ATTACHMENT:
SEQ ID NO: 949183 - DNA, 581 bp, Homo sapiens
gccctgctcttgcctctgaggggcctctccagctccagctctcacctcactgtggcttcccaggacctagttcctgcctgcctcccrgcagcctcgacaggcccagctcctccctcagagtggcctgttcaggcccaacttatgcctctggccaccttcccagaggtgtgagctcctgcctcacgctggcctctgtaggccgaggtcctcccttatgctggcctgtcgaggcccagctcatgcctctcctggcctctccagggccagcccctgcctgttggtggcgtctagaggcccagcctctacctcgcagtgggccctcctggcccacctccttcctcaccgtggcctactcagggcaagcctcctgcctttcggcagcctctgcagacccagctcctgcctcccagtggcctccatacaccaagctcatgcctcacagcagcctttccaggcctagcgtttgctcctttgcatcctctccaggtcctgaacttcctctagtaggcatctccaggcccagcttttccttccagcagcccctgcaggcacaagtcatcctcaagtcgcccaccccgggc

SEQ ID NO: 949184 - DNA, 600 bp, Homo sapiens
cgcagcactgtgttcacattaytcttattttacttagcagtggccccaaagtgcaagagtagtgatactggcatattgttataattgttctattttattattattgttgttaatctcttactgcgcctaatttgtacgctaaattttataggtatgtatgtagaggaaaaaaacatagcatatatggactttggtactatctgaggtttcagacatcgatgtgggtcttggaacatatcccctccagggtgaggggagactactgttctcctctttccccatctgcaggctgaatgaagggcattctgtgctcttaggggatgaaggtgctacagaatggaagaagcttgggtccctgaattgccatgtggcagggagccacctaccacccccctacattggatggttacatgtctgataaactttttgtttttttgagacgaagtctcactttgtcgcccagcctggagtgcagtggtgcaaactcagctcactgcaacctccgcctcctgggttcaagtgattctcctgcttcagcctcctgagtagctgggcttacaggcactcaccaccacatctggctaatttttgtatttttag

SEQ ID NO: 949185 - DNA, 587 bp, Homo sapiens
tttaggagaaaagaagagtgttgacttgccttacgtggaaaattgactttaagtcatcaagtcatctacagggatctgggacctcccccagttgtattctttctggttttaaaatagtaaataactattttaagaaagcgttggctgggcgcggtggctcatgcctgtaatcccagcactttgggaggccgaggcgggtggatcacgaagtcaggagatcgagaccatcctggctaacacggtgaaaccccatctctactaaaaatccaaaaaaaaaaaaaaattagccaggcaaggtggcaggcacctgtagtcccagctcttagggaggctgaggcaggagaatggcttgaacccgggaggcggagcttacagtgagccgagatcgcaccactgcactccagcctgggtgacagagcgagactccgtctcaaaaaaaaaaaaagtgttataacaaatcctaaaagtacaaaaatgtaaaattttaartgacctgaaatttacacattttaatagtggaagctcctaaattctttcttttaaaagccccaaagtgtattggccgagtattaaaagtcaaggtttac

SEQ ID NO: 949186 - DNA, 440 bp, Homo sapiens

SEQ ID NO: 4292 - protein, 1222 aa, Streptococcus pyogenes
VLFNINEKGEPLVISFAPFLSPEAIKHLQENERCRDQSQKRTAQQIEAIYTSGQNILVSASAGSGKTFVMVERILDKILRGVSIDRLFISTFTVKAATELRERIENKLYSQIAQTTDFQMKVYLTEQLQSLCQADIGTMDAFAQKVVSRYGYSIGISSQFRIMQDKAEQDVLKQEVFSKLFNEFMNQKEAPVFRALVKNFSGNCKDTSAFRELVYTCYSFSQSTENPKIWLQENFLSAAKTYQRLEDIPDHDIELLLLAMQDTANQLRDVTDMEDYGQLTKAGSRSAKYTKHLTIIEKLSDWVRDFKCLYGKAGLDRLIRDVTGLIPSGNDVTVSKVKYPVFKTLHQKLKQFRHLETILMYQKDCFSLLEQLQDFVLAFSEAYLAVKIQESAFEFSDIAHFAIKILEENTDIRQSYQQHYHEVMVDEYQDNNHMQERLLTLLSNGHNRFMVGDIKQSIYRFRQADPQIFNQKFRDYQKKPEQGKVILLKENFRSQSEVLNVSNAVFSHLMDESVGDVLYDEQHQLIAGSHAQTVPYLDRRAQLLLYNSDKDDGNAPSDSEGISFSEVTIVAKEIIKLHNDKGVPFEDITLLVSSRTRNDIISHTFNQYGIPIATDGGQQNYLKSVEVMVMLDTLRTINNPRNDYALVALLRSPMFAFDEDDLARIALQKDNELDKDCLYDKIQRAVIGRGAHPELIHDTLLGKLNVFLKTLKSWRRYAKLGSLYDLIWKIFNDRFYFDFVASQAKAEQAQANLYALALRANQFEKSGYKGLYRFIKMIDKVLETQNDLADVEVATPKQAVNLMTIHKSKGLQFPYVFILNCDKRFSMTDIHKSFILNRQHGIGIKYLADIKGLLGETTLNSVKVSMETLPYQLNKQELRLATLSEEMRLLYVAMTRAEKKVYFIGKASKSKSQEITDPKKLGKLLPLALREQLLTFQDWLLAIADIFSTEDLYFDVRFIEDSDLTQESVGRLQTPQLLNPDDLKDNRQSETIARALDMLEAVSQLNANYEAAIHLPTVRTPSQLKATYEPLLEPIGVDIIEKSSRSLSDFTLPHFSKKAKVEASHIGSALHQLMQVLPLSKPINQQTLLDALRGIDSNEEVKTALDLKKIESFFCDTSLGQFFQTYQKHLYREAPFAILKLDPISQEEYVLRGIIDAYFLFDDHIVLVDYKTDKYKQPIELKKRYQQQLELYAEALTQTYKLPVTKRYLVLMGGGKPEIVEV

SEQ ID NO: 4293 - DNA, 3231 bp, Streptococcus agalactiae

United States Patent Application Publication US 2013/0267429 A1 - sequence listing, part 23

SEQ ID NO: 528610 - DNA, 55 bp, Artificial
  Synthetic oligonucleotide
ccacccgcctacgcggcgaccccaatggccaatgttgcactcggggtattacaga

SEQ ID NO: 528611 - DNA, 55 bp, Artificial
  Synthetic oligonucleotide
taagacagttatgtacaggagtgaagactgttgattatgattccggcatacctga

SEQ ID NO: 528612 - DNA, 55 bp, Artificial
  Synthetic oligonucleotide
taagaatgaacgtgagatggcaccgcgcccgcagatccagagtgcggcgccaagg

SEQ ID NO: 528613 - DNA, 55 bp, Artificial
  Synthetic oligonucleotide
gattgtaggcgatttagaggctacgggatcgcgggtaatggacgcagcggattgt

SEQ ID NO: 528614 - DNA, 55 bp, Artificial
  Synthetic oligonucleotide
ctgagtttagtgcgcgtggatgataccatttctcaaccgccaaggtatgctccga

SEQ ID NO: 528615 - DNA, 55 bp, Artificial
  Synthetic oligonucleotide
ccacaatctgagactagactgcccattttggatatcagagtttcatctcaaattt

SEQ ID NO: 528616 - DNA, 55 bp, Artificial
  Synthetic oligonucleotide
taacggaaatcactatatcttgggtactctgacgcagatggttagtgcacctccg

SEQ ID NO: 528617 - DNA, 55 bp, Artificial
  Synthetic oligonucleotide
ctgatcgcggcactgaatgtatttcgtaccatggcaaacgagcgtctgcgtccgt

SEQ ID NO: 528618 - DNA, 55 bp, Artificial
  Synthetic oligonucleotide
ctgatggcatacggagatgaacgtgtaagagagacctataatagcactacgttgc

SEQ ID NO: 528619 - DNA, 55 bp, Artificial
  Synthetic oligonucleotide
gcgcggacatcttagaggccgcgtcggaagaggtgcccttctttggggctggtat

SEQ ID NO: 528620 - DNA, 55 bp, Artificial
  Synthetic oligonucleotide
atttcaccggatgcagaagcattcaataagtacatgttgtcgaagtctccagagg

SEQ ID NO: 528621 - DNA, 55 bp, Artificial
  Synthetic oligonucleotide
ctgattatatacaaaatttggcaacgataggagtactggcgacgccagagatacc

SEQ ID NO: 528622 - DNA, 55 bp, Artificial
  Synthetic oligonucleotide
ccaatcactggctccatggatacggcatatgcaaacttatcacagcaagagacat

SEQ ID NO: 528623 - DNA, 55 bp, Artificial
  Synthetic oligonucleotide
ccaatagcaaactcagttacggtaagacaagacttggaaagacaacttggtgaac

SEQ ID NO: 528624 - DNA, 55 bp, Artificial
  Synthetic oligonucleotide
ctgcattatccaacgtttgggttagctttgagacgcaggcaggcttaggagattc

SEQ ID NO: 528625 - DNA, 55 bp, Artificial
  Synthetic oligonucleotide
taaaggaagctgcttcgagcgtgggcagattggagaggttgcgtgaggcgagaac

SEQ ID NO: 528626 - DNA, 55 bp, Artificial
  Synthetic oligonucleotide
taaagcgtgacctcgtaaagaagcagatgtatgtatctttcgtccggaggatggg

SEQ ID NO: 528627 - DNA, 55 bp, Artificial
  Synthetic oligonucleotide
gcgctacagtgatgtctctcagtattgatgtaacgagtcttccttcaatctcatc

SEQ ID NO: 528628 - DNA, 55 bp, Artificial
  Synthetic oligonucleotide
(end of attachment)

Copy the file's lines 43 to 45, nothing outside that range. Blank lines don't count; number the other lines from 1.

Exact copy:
  Synthetic oligonucleotide
atttcaccggatgcagaagcattcaataagtacatgttgtcgaagtctccagagg

SEQ ID NO: 528621 - DNA, 55 bp, Artificial